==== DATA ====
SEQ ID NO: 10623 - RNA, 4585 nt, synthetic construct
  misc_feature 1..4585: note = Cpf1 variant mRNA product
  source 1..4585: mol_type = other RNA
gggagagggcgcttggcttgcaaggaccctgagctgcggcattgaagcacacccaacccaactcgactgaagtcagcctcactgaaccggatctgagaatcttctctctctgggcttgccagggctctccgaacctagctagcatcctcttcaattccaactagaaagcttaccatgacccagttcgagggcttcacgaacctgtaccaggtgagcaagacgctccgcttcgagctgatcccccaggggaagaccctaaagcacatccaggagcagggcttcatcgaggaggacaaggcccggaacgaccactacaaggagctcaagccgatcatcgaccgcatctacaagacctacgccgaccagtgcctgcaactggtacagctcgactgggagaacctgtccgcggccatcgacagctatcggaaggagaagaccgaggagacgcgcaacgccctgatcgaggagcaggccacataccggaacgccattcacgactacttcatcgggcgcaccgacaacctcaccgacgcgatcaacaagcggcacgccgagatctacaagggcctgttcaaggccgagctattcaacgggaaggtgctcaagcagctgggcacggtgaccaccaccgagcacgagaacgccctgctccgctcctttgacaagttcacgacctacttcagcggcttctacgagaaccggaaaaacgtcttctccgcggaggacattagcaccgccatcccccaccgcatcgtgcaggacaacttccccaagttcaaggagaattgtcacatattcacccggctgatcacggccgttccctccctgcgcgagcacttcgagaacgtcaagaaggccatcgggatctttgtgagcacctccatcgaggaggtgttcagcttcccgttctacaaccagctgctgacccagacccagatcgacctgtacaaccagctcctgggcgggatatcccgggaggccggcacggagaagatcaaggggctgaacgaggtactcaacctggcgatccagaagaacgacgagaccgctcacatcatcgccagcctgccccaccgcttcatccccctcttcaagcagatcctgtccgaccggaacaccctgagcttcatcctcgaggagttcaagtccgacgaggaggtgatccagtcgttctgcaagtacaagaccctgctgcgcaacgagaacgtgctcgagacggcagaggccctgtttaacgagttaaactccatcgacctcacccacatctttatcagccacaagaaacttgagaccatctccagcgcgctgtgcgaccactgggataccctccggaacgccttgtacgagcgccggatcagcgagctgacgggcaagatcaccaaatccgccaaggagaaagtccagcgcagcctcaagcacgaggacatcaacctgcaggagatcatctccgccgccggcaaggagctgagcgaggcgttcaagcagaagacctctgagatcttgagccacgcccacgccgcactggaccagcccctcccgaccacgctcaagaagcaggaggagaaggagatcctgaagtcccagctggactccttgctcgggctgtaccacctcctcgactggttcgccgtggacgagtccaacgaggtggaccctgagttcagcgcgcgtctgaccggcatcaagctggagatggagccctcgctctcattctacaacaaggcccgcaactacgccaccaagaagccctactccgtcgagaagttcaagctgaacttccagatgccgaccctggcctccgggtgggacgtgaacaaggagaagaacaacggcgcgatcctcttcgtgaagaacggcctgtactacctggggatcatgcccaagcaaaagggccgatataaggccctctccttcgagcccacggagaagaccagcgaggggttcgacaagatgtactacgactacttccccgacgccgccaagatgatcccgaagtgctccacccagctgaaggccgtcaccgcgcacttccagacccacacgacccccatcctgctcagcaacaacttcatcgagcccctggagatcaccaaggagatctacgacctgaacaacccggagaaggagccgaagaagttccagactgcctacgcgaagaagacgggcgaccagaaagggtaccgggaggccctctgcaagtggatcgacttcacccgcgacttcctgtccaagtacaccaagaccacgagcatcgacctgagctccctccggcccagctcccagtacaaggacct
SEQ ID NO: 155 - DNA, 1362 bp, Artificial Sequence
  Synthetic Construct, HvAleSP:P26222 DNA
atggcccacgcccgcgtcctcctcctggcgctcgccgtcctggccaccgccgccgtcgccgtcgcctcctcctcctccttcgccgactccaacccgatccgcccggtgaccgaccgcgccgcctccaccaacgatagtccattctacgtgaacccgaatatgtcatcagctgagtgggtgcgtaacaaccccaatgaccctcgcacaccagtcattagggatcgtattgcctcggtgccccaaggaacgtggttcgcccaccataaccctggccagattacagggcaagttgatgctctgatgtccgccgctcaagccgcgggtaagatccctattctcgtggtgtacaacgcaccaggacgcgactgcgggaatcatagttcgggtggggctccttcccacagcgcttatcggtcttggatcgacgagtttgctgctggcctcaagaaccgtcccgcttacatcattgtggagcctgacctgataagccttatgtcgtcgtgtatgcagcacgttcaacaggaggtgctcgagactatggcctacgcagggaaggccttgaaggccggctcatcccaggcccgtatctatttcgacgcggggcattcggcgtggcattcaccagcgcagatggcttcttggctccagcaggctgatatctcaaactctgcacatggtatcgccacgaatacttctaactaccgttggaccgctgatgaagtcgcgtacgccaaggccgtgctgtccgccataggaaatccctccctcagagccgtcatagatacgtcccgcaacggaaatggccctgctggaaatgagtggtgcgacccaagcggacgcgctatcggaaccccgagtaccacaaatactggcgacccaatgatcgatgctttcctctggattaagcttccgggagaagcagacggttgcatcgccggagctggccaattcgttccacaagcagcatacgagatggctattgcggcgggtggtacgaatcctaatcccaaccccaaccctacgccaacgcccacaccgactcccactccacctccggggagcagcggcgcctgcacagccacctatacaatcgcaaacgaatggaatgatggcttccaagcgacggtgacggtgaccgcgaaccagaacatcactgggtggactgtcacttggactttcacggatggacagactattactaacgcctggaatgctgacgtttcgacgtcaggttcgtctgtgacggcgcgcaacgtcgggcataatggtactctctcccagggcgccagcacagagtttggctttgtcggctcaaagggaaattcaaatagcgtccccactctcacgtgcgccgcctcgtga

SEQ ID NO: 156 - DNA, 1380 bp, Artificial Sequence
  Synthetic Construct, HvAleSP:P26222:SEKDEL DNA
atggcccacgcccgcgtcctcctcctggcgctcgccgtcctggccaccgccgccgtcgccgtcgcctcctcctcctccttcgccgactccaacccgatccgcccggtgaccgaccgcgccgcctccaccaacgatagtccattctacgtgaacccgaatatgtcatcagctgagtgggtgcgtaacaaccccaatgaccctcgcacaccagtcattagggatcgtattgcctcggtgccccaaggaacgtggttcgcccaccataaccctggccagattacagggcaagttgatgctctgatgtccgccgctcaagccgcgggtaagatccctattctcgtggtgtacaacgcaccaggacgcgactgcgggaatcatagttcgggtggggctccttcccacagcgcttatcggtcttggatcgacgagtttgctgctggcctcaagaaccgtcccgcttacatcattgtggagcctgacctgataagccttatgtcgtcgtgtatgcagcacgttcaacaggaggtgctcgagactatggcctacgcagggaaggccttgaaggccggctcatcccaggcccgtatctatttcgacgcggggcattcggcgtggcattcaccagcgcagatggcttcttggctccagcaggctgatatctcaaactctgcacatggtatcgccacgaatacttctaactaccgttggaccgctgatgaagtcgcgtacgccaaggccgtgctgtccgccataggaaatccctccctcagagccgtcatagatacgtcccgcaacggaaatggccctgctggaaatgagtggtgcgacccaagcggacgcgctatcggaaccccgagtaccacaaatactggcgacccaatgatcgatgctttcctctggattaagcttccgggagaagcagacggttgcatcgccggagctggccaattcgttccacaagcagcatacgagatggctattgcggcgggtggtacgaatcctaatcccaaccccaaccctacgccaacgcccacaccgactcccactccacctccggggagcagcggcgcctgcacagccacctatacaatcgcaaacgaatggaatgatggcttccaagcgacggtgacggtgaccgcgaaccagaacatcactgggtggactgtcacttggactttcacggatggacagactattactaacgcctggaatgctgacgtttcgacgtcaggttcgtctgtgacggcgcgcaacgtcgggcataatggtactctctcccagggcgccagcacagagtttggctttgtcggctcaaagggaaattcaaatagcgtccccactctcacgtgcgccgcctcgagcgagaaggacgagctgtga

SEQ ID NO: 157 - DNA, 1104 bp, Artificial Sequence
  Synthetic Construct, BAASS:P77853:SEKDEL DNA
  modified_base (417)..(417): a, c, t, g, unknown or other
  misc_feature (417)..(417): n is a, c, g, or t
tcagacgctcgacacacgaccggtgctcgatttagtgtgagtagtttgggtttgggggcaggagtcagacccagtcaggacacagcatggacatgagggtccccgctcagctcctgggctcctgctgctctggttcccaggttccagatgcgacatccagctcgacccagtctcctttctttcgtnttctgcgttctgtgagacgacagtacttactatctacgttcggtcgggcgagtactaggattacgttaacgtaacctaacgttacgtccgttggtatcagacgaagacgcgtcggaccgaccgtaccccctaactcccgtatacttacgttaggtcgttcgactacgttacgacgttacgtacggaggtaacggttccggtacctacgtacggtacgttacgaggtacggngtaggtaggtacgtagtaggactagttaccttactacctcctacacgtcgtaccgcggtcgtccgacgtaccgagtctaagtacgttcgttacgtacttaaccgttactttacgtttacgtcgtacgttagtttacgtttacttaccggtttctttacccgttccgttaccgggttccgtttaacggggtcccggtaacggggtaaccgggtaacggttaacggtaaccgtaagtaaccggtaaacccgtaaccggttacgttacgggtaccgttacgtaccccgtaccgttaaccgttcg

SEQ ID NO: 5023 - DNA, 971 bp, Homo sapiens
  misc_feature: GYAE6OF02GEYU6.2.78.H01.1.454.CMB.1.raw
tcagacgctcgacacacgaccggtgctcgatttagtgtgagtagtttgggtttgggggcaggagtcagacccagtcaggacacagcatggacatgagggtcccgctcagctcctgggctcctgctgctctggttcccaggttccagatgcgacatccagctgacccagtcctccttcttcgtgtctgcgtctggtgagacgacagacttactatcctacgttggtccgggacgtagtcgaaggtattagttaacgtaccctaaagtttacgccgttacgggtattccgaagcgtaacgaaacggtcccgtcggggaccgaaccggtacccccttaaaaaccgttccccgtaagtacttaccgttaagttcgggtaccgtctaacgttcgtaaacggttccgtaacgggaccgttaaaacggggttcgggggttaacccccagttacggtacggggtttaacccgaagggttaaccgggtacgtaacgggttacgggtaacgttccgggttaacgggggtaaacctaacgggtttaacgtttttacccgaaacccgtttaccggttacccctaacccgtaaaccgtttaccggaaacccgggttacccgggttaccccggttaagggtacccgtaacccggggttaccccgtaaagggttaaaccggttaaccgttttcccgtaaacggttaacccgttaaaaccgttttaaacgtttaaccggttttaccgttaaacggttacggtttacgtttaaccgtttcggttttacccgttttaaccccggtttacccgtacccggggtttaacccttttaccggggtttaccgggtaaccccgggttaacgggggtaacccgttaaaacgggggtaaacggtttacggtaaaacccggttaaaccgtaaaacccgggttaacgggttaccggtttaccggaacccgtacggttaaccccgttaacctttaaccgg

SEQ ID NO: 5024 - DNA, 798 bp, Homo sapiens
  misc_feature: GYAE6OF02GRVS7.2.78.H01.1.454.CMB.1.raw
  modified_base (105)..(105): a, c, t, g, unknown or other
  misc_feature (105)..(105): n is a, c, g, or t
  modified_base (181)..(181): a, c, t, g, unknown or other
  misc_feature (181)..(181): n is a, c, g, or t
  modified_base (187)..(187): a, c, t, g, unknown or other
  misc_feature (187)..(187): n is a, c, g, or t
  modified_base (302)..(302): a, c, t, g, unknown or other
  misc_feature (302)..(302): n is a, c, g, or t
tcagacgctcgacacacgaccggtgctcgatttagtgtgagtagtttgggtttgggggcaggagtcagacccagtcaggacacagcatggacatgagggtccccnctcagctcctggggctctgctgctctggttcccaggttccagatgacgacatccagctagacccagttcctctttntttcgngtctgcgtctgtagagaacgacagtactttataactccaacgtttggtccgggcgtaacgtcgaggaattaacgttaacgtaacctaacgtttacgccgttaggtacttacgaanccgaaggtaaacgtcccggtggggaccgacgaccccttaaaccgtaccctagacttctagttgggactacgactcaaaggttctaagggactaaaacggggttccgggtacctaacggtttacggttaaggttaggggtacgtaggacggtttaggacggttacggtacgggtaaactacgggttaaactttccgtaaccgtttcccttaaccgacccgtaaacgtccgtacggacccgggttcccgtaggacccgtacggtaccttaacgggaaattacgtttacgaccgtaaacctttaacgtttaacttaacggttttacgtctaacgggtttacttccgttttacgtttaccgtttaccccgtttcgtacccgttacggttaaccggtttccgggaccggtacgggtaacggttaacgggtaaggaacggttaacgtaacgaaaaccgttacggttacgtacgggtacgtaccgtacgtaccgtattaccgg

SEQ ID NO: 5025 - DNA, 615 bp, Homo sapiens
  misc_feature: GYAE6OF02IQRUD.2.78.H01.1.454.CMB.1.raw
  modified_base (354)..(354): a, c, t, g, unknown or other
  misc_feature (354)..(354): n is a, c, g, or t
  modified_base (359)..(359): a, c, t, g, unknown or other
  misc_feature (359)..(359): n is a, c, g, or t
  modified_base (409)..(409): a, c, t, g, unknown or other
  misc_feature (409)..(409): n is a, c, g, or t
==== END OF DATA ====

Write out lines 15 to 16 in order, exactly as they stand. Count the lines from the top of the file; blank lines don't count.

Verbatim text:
tcagacgctcgacacacgaccggtgctcgatttagtgtgagtagtttgggtttgggggcaggagtcagacccagtcaggacacagcatggacatgagggtccccgctcagctcctgggctcctgctgctctggttcccaggttccagatgcgacatccagctcgacccagtctcctttctttcgtnttctgcgttctgtgagacgacagtacttactatctacgttcggtcgggcgagtactaggattacgttaacgtaacctaacgttacgtccgttggtatcagacgaagacgcgtcggaccgaccgtaccccctaactcccgtatacttacgttaggtcgttcgactacgttacgacgttacgtacggaggtaacggttccggtacctacgtacggtacgttacgaggtacggngtaggtaggtacgtagtaggactagttaccttactacctcctacacgtcgtaccgcggtcgtccgacgtaccgagtctaagtacgttcgttacgtacttaaccgttactttacgtttacgtcgtacgttagtttacgtttacttaccggtttctttacccgttccgttaccgggttccgtttaacggggtcccggtaacggggtaaccgggtaacggttaacggtaaccgtaagtaaccggtaaacccgtaaccggttacgttacgggtaccgttacgtaccccgtaccgttaaccgttcg

SEQ ID NO: 5023 - DNA, 971 bp, Homo sapiens